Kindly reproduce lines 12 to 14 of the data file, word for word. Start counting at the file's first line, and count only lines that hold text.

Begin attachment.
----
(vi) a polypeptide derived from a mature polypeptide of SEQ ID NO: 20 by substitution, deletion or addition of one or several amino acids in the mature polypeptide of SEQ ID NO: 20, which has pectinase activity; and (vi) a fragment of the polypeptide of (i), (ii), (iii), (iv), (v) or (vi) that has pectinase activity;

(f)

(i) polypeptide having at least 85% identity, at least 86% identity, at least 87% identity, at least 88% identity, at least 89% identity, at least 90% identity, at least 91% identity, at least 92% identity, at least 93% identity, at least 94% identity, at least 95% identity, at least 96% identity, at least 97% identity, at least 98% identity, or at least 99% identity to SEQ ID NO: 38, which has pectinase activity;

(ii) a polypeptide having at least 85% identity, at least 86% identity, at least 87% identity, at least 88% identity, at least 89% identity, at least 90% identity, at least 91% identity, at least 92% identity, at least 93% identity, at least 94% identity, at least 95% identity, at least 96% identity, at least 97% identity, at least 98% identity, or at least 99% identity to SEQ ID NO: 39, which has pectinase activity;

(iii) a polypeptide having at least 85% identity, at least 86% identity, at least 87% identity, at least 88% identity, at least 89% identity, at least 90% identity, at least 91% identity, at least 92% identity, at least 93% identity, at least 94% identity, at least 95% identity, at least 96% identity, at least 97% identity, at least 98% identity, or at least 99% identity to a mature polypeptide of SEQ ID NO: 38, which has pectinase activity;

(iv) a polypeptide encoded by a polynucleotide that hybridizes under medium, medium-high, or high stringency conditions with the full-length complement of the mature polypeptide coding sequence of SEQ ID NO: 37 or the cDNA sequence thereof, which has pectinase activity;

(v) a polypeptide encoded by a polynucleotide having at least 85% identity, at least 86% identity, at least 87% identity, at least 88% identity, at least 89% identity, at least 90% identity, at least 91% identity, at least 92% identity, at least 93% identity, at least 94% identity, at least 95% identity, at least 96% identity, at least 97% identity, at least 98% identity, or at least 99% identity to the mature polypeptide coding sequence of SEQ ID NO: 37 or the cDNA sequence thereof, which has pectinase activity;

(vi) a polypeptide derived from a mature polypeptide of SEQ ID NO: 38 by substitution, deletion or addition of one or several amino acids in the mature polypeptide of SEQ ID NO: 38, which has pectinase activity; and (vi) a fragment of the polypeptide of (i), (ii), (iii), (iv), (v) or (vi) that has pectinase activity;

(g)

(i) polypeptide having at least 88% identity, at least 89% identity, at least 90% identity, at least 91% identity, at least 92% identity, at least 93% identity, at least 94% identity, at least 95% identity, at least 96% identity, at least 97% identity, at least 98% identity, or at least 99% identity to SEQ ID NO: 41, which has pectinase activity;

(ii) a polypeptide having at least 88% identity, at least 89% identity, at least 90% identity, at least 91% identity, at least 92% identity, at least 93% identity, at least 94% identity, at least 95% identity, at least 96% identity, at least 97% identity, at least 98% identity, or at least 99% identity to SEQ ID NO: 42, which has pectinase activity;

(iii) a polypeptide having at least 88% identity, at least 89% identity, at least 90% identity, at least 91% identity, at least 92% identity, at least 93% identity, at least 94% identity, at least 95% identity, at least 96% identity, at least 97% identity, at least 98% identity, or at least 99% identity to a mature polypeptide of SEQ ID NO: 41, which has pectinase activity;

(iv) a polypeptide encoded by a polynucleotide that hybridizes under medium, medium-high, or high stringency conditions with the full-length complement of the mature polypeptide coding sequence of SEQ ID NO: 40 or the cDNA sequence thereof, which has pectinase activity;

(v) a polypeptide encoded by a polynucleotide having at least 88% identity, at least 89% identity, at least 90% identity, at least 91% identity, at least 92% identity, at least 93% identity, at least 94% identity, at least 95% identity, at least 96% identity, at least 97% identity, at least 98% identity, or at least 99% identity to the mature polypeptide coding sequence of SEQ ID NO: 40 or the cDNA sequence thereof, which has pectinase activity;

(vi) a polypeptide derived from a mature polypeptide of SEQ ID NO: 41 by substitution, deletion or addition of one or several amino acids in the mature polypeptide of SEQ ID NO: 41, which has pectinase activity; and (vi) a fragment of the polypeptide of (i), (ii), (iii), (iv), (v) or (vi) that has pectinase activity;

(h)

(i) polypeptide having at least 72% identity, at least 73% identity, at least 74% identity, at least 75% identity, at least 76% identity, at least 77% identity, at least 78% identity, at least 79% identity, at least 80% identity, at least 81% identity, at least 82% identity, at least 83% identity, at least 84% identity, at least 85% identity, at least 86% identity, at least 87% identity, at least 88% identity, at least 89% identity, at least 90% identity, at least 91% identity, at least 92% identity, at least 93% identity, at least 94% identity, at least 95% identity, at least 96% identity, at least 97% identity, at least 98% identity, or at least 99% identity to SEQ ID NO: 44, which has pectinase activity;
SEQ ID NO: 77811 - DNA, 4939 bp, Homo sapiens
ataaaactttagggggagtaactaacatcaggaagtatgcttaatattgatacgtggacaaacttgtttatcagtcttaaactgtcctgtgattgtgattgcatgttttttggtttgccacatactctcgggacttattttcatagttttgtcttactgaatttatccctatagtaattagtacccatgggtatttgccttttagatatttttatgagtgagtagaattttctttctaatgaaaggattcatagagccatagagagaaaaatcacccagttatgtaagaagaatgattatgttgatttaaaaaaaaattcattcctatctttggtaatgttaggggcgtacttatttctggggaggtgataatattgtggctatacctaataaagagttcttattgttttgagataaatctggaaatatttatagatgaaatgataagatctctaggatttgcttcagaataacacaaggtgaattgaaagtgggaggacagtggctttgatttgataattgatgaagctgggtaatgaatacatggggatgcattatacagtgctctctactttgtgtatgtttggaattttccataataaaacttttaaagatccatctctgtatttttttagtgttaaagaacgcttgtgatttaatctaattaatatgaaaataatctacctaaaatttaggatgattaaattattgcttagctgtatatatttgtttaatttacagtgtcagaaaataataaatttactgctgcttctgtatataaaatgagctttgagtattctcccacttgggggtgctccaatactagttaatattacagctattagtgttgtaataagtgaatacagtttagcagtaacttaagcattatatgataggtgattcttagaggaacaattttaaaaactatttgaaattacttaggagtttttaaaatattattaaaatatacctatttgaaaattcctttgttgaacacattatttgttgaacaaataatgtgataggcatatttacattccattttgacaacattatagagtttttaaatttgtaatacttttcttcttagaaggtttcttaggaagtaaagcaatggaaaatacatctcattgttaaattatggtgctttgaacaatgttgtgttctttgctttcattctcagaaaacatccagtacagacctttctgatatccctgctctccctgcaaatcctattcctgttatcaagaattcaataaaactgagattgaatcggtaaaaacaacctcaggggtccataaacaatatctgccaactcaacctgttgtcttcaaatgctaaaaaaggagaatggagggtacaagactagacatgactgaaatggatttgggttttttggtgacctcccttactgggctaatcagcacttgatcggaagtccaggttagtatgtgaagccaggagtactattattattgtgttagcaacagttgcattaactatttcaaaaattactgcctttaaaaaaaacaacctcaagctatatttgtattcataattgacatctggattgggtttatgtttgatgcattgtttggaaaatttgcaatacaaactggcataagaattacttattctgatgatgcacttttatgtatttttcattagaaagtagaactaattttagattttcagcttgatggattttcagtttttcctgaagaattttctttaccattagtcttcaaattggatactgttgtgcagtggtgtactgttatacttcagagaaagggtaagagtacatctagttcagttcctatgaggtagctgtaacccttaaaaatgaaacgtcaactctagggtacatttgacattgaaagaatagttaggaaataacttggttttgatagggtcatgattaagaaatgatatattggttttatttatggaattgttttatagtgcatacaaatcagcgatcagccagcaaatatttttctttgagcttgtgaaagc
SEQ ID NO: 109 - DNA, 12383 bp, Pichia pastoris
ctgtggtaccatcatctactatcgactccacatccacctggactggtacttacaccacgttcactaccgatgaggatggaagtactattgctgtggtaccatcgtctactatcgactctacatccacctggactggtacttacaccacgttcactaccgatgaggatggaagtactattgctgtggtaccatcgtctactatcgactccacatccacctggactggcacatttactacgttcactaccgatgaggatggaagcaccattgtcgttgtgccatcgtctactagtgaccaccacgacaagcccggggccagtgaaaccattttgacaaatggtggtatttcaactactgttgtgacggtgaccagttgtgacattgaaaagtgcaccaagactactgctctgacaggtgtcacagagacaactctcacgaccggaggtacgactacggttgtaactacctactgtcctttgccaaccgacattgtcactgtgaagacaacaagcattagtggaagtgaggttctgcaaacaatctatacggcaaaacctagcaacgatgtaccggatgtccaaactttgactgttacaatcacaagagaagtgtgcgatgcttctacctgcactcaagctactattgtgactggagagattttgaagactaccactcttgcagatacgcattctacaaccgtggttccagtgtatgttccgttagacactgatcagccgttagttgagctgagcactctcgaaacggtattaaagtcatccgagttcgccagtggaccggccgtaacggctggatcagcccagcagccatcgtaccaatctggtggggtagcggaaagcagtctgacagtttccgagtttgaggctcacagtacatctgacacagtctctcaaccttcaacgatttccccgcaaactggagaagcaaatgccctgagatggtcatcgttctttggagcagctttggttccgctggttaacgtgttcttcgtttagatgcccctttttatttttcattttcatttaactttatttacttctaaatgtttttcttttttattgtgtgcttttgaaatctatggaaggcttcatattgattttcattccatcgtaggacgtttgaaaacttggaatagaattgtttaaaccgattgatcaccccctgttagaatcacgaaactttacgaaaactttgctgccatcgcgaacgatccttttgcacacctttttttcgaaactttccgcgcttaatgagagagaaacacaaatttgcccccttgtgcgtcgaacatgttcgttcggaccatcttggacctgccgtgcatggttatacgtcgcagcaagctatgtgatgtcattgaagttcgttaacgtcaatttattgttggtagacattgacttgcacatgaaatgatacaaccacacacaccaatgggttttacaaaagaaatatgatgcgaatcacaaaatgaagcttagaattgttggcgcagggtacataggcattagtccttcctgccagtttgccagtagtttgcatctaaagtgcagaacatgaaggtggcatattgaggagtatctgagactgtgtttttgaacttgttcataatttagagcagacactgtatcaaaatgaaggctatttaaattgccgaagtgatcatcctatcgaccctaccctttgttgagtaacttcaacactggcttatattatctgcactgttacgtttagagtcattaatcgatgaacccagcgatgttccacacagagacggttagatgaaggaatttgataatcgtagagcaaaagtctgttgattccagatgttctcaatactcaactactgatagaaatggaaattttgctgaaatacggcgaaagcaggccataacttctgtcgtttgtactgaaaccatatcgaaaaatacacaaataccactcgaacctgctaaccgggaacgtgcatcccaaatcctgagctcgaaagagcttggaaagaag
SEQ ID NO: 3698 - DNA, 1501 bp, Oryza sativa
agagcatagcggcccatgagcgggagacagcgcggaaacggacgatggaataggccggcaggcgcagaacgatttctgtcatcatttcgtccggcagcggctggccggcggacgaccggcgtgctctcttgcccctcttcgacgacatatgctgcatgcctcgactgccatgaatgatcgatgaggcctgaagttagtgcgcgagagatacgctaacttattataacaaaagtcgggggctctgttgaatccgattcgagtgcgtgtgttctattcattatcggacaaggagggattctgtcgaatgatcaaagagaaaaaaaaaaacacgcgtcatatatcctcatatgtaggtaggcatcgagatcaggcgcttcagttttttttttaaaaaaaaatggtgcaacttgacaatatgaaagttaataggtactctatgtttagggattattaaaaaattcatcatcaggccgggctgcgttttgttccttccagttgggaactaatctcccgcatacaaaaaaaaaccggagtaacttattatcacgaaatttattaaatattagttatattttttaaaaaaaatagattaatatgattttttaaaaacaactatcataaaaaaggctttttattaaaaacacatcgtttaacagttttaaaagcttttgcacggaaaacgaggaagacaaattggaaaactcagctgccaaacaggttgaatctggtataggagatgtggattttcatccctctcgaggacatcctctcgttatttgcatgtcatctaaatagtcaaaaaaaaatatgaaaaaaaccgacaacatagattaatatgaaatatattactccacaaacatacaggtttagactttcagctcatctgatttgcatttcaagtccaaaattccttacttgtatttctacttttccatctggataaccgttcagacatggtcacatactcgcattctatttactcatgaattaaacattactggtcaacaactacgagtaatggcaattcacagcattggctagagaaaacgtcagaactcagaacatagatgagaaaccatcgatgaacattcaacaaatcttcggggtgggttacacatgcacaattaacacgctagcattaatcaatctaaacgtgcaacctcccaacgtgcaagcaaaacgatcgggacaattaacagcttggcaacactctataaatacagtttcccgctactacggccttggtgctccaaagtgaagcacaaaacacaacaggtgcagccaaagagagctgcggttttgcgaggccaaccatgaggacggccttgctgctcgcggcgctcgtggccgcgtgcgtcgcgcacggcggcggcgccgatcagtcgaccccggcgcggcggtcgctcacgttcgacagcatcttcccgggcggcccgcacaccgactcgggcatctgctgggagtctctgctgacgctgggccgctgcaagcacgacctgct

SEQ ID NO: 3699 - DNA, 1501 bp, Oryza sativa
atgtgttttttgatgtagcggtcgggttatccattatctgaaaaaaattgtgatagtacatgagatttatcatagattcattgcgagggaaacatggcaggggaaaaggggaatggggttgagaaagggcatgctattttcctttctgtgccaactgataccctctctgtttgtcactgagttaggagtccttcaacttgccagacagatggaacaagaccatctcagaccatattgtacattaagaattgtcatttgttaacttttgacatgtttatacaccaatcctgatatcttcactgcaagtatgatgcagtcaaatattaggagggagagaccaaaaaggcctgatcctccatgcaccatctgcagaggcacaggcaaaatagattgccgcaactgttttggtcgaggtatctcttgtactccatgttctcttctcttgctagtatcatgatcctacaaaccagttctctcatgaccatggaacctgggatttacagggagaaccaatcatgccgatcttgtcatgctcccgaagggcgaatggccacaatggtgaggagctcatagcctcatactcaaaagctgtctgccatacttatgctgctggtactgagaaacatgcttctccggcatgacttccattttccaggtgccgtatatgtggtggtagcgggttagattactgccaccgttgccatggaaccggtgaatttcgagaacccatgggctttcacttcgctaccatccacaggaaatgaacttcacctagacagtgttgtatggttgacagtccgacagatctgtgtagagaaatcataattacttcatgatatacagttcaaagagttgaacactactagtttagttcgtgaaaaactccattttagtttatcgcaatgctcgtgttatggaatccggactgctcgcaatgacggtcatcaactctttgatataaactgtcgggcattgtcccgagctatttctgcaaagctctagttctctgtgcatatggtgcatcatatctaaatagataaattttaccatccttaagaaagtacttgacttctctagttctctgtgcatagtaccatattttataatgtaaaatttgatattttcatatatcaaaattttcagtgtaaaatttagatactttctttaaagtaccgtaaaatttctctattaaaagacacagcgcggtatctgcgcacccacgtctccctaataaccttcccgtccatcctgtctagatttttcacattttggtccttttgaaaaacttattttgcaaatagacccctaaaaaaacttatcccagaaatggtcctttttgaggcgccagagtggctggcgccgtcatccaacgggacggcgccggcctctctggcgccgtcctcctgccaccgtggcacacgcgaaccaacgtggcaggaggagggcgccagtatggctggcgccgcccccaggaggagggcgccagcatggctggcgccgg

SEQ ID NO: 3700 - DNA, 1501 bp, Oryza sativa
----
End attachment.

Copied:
(iii) a polypeptide having at least 88% identity, at least 89% identity, at least 90% identity, at least 91% identity, at least 92% identity, at least 93% identity, at least 94% identity, at least 95% identity, at least 96% identity, at least 97% identity, at least 98% identity, or at least 99% identity to a mature polypeptide of SEQ ID NO: 41, which has pectinase activity;

(iv) a polypeptide encoded by a polynucleotide that hybridizes under medium, medium-high, or high stringency conditions with the full-length complement of the mature polypeptide coding sequence of SEQ ID NO: 40 or the cDNA sequence thereof, which has pectinase activity;

(v) a polypeptide encoded by a polynucleotide having at least 88% identity, at least 89% identity, at least 90% identity, at least 91% identity, at least 92% identity, at least 93% identity, at least 94% identity, at least 95% identity, at least 96% identity, at least 97% identity, at least 98% identity, or at least 99% identity to the mature polypeptide coding sequence of SEQ ID NO: 40 or the cDNA sequence thereof, which has pectinase activity;